Culled from our annual documentaries posts, these films feature architecture and architects in more informative and intimate ways. With more and more film festivals dedicated to architecture itself, you can likely catch these on the big screen in a city near you!
The Pruitt-Igoe Myth(2011)
Director: Chad Freidrichs. 83 mins.
In 1954, the newly constructed Pruitt-Igoe towers in St. Louis, Missouri, designed by WTC architect Minoru Yamasaki , were "radiant examples of Corbusian rationalism," symbols of the promise of Modernist architecture to renew our cities, particularly for lower class residents. A mere two decades later, the towers, hotbeds of violence and crime, were spectacularly demolished - becoming potent symbols of both social housing and Modernism's supposed failure.This fascinating documentary challenges this typical narrative, providing an expansive, poignant look at both Pruitt-Igoe's shortcomings and triumphs, showing us what they have to teach us about America itself.
Director: Nathaniel Kahn. 116 mins.
The director of this film, Nathaniel Kahn, is also the son of the subject at-hand: Louis Kahn. The documentary is Kahn's poignant search to understand his father, a man who, while known around the globe for his architecture, led a less-than-satisfactory personal life (fathering children by three different women and living in debt). He would eventually die bankrupt and alone in 1974, but with a tremendous architectural legacy. The film, which was nominated for an Academy Award, features interviews with Frank Gehry, I.M. Pei, and Philip Johnson as well as imagery of all of Kahn's classics, including The Yale Center for British Art and The Salk Institute.Urbanized (2011)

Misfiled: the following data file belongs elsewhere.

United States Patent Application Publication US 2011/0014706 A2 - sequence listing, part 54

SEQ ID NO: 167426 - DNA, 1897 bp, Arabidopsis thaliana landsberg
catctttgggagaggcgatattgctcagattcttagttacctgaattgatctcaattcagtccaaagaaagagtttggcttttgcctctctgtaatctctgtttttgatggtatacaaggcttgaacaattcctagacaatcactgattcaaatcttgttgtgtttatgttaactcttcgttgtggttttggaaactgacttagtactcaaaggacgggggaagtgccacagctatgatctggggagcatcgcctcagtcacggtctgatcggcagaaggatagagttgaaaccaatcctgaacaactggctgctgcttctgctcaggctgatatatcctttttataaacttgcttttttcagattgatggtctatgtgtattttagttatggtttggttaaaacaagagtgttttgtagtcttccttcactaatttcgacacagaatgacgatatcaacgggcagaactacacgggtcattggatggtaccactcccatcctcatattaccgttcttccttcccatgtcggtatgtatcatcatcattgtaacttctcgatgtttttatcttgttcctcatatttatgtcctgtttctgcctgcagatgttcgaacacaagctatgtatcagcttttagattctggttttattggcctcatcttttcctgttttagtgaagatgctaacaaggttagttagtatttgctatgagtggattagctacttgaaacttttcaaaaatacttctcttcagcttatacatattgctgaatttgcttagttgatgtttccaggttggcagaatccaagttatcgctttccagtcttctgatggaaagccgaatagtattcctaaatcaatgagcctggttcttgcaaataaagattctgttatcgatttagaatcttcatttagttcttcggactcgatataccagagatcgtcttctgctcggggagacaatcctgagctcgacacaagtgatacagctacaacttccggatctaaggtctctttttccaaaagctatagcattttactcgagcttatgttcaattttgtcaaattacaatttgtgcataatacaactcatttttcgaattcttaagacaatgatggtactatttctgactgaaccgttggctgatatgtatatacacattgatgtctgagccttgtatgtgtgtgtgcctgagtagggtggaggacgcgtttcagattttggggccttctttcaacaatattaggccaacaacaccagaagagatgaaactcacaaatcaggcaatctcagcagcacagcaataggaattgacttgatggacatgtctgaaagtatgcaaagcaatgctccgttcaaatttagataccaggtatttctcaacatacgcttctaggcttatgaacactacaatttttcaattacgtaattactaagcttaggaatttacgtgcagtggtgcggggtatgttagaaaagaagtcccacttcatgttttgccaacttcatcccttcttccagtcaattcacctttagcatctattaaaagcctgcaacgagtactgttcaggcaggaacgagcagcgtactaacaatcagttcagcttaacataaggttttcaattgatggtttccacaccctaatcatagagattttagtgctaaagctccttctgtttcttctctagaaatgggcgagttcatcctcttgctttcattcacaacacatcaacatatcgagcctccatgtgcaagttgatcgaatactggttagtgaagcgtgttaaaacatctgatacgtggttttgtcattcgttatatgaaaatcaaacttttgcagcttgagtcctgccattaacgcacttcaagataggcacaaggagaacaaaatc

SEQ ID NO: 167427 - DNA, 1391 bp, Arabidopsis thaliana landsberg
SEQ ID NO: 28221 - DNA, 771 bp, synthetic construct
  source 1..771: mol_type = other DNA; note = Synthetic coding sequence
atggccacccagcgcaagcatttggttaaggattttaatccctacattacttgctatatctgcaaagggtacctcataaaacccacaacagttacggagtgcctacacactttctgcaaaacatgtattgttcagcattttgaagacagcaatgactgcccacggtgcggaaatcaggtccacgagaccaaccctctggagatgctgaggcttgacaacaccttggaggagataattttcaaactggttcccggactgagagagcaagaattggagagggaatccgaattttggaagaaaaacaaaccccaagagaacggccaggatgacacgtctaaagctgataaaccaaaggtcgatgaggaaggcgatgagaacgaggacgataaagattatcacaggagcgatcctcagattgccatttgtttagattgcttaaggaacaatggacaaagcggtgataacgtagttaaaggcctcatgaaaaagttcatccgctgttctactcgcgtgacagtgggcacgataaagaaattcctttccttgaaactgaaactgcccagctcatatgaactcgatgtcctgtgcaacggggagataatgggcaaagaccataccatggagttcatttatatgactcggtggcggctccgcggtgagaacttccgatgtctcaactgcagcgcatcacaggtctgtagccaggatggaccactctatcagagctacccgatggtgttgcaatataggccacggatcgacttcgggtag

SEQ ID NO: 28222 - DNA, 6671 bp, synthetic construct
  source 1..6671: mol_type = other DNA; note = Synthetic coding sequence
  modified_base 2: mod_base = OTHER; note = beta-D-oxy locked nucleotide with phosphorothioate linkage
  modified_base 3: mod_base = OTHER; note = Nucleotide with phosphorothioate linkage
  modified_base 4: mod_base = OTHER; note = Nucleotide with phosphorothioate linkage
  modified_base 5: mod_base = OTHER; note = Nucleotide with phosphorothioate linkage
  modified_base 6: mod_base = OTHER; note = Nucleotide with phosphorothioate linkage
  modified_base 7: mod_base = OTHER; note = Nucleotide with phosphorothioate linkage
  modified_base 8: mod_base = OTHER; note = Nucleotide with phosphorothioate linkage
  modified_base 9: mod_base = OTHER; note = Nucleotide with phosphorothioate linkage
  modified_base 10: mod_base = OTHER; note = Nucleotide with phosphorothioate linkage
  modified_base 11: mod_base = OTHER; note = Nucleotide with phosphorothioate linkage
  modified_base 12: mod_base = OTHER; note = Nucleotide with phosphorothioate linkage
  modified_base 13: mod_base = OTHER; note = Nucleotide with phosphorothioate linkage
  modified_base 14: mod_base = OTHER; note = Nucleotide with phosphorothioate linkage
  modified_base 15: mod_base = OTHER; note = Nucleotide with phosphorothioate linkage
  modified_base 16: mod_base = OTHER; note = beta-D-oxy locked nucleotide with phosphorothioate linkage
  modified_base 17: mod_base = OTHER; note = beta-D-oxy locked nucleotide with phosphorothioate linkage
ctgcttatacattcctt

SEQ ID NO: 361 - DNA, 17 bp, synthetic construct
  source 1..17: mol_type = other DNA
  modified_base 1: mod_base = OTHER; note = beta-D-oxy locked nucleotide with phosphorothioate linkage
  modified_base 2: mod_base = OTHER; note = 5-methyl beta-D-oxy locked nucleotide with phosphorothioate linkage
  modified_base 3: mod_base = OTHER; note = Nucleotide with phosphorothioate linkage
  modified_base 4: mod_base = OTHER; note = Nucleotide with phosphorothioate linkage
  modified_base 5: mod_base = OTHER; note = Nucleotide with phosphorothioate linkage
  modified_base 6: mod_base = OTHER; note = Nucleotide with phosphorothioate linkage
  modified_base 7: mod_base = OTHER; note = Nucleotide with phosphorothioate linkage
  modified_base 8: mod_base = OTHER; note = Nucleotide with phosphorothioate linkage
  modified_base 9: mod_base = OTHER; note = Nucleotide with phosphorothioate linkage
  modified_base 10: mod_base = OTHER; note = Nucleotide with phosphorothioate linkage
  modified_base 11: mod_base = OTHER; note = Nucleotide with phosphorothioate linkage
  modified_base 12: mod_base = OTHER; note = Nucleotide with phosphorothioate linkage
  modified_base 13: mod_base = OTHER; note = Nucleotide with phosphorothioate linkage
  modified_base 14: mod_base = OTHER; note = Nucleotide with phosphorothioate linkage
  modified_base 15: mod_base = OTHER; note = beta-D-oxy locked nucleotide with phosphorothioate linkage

Director: Gary Hustwit. 82 mins.
75% of the world's population is expected to live in urban centers by 2050. With this in mind Gary Hustwit, following his previous works Helvetica and Objectified, adds Urbanized to his design trilogy. Urbanized, which looks at the design of urban centers, shows Huswit city hopping to 40 different locations to talk with those in the know, including architectural heavyweights like Foster, Koolhaas and Niemeyer.
Citizen Architect: Samuel Mockbee and the Spirit of the Rural Studio(2010)
Director: Sam Wainwright Douglas. 60 mins.
Featuring interviews with architects like Cameron Sinclair, Peter Eisenman, and Michael Rotondi, this documentary explores the life and legacy of architect and public-interest-design pioneer Samuel Mockbee, who helped found the radical design/build program, the Rural Studio at Auburn University, in one of America's most impoverished communities.
Koolhaas Houselife (2013)
Directors: Ila Bêka & Louise Lemoine. 58 mins
"First project of the Living Architectures series, Koolhaas Houselife portrays one of the masterpieces of contemporary architecture. The film lets the viewer enter into Rem Koolhaas's house's daily intimacy through the stories and daily chores of Guadalupe Acedo, the housekeeper, and the other people who look after the building. Pungent, funny and touching."
Eames: The Architect and the Painter (2011)
Directors: Jason Cohn & Bill Jersey. 84 mins.
Narrated by James Franco, this documentary offers a glimpse into the marriage of Charles and Ray Eames, a marriage of art and industry, and the design history that came from it.
The Infinite Happiness (2015)
Directors: Ila Bêka + Louise Lemoine. 85 mins.
After living in the 8 House by Bjarke Ingels Group for around a month, Ila Bêka and Louise Lemoine recount their subjective experience of living inside this experiment of 'vertical village”' in the style of a diary. Just like LEGO, the film builds up a collection of life stories all interconnected by their personal relation to the building, drawing the lines of a human map which allows the viewer to discover the building through an inner and intimate point of view.
How Much Does Your Building Weigh, Mr Foster?(2010)
Directors: Carlos Carcas, Norberto López Amado. 78 mins.
A documentary on the exponential rise of Sir Norman Foster and his "unending quest to improve the quality of life through design."
Kochuu: Japanese Architecture (2003)
Director: Jesper Wachtmeister. 53 mins.